The Department for Work and Pensions (DWP) has launched a consultation on proposed amendments to employer debt legislation for employers in non-segregated defined benefit (DB) multi-employer pension schemes.
The consultation, which launched on 21 April, seeks views on the draft The Occupation Pensions Schemes (Employer Debt) (Amendment) Regulations 2017.
The regulations would enable employers in multi-employer schemes to defer the requirement to pay an employer debt on ceasing to employ an active pension scheme member. The deferred debt arrangement would still require the employer to retain all their previous responsibilities to the scheme, and they would continue to be treated as if they were an employer in relation to the scheme.
Employer debt is the amount an employer must pay into the pension scheme when it ceases to participate at a time when there is a shortfall between the scheme’s assets and liabilities. This amount is calculated by referencing the cost of buying out members’ benefits with an insurance organisation.
The proposed deferred debt arrangement, which would sit alongside existing options to manage employer debt, would be subject to certain conditions. This includes a funding test to ensure that the scheme would continue to be sufficiently funded, and that trustees or pension scheme managers provide written consent to the arrangement on the basis that it will not be detrimental to the scheme or its members.
In addition, the scheme must not be in a Pension Protection Fund (PPF) assessment period or likely to be so in the next 12 months. Employers that are restructuring will not be eligible. However, employers that are already in a period of grace arrangement could still utilise the deferred debt arrangement.
The consultation will also explore provisions to address situations where two successive employment-cessation events occur in respect of the same employer, and look at changes to existing options that are already in place to help employers manage an employer debt.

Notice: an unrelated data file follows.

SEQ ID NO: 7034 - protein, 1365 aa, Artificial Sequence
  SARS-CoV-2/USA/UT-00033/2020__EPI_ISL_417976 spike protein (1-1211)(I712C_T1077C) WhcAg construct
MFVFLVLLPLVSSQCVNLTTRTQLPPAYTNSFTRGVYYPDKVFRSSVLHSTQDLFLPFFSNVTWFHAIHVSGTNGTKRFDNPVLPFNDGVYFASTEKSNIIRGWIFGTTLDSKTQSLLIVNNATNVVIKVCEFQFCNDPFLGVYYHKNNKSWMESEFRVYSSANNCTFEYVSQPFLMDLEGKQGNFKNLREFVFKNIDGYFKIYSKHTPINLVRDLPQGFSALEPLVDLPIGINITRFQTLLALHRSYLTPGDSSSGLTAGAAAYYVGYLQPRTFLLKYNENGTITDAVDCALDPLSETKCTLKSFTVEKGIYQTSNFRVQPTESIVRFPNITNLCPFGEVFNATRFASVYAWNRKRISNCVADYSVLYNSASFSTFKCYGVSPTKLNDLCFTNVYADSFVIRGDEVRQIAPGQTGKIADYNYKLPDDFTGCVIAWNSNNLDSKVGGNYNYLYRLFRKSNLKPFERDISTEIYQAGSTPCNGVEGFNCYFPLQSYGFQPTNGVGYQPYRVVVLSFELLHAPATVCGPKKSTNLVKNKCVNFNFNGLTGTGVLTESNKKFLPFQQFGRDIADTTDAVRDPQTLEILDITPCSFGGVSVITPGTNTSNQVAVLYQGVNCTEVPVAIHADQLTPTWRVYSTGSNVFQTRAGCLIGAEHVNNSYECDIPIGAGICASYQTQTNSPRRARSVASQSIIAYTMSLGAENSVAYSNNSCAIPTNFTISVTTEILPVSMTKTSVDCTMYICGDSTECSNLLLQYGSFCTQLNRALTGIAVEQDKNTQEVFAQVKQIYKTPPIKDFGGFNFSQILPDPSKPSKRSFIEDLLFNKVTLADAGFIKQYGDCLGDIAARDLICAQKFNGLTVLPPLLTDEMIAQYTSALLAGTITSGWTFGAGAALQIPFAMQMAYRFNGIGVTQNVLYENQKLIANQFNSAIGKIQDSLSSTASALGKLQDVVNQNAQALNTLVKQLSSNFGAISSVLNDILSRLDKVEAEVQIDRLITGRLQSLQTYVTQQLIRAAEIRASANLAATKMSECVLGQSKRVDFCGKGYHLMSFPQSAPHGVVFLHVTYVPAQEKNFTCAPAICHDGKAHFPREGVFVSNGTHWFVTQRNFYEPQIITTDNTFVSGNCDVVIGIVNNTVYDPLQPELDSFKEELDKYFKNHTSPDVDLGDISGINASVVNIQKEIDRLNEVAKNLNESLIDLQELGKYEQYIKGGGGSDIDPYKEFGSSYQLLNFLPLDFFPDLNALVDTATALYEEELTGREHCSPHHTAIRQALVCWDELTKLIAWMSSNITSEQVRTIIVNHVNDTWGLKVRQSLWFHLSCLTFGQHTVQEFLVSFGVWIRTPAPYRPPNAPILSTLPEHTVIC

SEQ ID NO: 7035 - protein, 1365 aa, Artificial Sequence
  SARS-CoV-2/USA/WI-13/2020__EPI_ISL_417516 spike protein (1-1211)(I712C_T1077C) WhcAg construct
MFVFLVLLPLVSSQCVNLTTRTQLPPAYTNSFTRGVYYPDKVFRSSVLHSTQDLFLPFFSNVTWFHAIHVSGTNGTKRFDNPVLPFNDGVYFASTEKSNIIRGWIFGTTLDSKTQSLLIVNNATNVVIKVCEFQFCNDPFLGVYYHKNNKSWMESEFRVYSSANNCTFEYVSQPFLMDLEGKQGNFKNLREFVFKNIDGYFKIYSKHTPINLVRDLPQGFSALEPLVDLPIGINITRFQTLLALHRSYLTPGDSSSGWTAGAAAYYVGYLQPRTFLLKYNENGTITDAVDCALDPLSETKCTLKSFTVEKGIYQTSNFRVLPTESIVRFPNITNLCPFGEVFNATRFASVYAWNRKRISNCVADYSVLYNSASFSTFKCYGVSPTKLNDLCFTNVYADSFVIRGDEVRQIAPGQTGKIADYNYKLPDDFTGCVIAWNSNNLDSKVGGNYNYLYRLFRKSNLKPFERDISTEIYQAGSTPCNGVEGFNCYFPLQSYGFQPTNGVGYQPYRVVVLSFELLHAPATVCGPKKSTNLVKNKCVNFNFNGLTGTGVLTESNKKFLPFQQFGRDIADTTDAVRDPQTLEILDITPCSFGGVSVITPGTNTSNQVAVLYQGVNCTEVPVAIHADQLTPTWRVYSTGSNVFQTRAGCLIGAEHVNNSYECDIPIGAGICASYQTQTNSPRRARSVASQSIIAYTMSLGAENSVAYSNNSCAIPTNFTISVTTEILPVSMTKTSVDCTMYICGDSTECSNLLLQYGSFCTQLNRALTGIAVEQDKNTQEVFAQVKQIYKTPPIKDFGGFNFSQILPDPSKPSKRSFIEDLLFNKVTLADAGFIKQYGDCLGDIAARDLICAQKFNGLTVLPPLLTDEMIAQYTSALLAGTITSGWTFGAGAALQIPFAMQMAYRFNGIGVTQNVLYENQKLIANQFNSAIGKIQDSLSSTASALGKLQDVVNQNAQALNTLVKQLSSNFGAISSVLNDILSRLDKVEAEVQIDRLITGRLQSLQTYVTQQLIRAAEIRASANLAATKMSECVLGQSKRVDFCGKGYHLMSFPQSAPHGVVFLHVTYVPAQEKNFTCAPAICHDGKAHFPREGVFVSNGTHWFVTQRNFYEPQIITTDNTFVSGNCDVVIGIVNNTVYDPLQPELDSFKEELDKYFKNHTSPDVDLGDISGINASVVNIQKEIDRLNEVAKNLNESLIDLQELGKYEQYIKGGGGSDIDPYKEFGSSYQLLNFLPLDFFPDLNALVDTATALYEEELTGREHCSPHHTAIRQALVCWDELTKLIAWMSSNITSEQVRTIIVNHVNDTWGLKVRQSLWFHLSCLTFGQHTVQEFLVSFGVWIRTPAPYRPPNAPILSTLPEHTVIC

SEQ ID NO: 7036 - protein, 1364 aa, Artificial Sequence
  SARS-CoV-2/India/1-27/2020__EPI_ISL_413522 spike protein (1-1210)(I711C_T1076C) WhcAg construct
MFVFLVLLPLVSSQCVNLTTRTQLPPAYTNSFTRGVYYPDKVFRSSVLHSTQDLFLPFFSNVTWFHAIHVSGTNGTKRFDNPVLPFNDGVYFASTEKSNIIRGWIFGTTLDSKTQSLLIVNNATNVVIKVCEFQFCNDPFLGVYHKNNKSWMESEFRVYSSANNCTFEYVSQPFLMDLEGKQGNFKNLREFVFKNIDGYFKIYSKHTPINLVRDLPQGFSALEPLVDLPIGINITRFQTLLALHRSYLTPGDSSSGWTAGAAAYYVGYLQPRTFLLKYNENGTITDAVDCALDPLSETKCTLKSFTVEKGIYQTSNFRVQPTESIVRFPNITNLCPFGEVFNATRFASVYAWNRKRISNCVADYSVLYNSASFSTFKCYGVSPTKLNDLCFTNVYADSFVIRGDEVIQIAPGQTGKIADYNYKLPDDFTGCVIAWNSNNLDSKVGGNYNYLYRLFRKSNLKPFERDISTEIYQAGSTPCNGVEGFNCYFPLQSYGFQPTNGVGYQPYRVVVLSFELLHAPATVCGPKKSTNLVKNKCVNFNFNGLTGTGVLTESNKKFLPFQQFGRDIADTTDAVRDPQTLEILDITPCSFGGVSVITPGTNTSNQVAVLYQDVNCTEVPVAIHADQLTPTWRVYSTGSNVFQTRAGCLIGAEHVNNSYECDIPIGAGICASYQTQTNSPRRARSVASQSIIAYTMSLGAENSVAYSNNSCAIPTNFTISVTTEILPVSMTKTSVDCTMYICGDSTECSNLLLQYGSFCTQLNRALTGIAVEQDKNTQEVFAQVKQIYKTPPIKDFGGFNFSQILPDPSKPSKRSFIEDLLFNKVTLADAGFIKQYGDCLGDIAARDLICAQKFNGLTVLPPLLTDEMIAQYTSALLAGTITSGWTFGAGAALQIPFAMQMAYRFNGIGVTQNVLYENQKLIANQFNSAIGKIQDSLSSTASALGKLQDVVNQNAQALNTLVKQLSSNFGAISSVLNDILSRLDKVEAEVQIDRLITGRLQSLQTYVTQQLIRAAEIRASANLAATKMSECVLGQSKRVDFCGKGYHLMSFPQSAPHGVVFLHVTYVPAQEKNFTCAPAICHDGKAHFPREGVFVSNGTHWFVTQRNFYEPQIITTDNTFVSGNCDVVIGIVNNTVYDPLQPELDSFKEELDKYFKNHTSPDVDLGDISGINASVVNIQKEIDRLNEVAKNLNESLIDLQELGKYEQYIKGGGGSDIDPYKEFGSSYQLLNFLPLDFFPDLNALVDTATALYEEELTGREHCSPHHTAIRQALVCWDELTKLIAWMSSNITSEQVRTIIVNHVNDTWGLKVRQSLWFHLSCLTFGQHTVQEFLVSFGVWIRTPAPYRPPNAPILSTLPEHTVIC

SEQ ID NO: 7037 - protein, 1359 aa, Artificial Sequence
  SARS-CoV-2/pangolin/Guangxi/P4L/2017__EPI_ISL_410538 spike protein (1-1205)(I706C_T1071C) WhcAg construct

The proposed deferred debt arrangement follows a call for evidence on Section 75 employer debt in non-associated multi-employer DB pensions schemes, which was published in March 2015.
The consultation seeks views from pension industry bodies and professionals, trustees or scheme managers, pension scheme members and beneficiaries, as well as employers and representative organisations.
The consultation will remain open to responses until 18 May 2017.
Chris Hawley, associate at Barnett Waddingham, said: “We are happy government has recognised there are issues here, and welcome any additional flexibility for employers to manage pension debts in ‘business as usual’ situations, where the solvency of the employer is not in question.
“On the face of it this seems like a helpful easement for employers looking to manage the increasing cost of defined benefit pension accrual and the eventual wind down of their schemes. Although in reality many employers may be able to achieve a similar result within the guidelines of the current debt regulations.
“However, it is concerning that under this proposal trustees would be given the power to trigger a substantial cash payment down the line, representing a loss of control to the employer. The proposed test, if trustees deem it likely that the covenant will weaken in the next 12 months, is not tightly defined. For example, how many trustees would call in the debt amidst the uncertainty being created by Brexit?
“If government does not re-consider this particular trigger, employers may instead decide to keep employing active members to avoid giving trustees what would be in effect a very strong negotiating stick.
“Regardless of whether the changes proceed, employers need to carefully consider what their obligations are and how those obligations may change over time. Monitoring can help employers looking to exit non-associated multi-employer schemes (NAMES) spot opportunities to do so at an affordable time.”